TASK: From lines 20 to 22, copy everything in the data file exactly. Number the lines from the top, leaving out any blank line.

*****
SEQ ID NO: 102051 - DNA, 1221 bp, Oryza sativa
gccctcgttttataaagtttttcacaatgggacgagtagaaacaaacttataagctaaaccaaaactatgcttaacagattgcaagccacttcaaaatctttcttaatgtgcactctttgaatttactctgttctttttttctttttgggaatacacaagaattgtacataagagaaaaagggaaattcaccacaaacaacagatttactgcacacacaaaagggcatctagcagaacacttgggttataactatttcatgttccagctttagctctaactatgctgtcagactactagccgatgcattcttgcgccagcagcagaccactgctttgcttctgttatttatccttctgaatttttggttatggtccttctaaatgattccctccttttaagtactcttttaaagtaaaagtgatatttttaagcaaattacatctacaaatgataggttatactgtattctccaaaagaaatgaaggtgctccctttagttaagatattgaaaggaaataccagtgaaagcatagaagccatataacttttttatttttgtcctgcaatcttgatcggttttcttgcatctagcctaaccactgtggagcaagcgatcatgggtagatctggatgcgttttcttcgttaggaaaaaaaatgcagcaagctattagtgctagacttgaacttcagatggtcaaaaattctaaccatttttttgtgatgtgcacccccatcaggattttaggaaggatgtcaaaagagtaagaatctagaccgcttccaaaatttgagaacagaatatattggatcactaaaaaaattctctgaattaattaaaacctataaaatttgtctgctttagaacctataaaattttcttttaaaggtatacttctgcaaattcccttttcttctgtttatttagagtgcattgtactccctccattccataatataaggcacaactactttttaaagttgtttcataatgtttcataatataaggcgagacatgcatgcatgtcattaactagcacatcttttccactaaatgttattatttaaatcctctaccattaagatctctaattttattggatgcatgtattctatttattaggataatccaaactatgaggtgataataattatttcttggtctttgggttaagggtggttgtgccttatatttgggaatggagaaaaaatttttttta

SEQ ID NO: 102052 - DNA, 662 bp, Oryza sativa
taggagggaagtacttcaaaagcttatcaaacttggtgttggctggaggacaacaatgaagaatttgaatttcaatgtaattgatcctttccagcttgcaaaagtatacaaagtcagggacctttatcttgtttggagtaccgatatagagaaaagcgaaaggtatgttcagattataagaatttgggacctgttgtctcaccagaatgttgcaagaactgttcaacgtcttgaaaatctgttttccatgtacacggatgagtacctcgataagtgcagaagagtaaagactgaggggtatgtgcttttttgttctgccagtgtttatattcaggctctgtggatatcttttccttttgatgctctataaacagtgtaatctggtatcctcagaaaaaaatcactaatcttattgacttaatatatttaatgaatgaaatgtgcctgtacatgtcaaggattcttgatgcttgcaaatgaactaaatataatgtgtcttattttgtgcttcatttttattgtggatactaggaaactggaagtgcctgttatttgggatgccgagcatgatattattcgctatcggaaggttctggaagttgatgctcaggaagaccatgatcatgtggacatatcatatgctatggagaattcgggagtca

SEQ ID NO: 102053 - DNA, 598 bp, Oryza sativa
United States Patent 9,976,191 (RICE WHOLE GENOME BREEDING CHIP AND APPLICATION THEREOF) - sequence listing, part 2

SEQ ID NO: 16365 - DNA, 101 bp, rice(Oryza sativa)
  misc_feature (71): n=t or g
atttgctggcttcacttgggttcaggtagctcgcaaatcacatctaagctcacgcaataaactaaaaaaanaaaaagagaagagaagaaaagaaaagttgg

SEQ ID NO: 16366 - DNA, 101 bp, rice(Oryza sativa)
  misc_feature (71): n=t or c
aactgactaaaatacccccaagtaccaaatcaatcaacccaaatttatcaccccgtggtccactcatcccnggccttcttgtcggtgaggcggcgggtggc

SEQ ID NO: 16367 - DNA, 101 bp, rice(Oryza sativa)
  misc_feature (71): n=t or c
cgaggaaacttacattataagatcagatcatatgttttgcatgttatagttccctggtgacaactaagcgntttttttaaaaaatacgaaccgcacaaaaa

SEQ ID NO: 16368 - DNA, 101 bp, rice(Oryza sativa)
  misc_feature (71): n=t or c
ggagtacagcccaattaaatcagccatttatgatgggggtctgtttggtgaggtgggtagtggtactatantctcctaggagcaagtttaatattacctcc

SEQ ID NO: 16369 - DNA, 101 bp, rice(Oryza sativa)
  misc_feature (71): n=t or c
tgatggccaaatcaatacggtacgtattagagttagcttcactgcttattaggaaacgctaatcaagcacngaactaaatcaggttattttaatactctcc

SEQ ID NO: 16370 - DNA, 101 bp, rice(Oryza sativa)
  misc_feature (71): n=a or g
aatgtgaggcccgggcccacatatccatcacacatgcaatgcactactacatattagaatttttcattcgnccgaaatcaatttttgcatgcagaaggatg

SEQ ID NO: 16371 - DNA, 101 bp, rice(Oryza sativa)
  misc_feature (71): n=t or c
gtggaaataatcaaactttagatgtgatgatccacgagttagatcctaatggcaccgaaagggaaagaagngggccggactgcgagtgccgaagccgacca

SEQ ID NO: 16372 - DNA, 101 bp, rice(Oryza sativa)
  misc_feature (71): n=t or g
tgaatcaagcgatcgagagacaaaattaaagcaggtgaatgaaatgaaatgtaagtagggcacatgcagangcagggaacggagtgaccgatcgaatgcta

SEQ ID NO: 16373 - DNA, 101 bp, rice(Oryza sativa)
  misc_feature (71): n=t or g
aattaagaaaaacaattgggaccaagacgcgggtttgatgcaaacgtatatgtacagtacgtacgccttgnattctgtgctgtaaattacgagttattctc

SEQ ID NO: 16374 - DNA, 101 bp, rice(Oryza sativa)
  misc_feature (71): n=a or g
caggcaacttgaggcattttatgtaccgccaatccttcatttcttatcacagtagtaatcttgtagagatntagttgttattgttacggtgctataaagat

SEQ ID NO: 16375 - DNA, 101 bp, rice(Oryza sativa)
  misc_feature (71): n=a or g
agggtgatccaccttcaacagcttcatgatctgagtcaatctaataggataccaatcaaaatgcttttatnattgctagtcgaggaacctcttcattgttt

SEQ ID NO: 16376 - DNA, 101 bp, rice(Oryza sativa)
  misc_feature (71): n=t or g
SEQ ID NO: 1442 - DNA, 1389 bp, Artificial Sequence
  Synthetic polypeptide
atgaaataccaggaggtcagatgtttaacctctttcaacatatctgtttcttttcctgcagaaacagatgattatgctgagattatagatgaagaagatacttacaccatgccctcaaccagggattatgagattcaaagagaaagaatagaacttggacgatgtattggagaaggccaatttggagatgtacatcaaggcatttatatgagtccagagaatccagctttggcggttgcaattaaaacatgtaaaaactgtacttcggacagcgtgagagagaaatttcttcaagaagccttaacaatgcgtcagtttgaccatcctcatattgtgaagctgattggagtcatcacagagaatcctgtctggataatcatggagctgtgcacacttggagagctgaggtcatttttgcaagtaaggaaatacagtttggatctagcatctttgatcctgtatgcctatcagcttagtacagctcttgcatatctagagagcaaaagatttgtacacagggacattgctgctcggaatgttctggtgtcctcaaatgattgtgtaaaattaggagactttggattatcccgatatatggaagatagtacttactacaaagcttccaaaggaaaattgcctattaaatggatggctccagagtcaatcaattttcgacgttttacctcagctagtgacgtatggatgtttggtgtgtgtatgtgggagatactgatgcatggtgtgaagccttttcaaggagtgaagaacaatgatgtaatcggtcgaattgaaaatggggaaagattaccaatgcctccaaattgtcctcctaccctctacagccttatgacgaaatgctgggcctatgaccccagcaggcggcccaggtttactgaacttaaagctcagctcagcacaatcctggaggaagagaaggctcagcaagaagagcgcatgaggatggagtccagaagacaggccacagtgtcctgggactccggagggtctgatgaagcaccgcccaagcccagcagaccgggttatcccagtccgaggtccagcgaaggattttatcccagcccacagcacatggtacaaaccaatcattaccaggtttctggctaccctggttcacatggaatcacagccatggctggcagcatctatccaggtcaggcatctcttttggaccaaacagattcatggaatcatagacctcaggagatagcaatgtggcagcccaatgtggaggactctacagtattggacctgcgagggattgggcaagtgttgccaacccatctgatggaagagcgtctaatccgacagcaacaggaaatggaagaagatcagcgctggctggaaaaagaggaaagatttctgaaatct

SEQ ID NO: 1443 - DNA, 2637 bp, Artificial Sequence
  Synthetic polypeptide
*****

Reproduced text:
  misc_feature (71): n=t or c
tgatggccaaatcaatacggtacgtattagagttagcttcactgcttattaggaaacgctaatcaagcacngaactaaatcaggttattttaatactctcc

SEQ ID NO: 16370 - DNA, 101 bp, rice(Oryza sativa)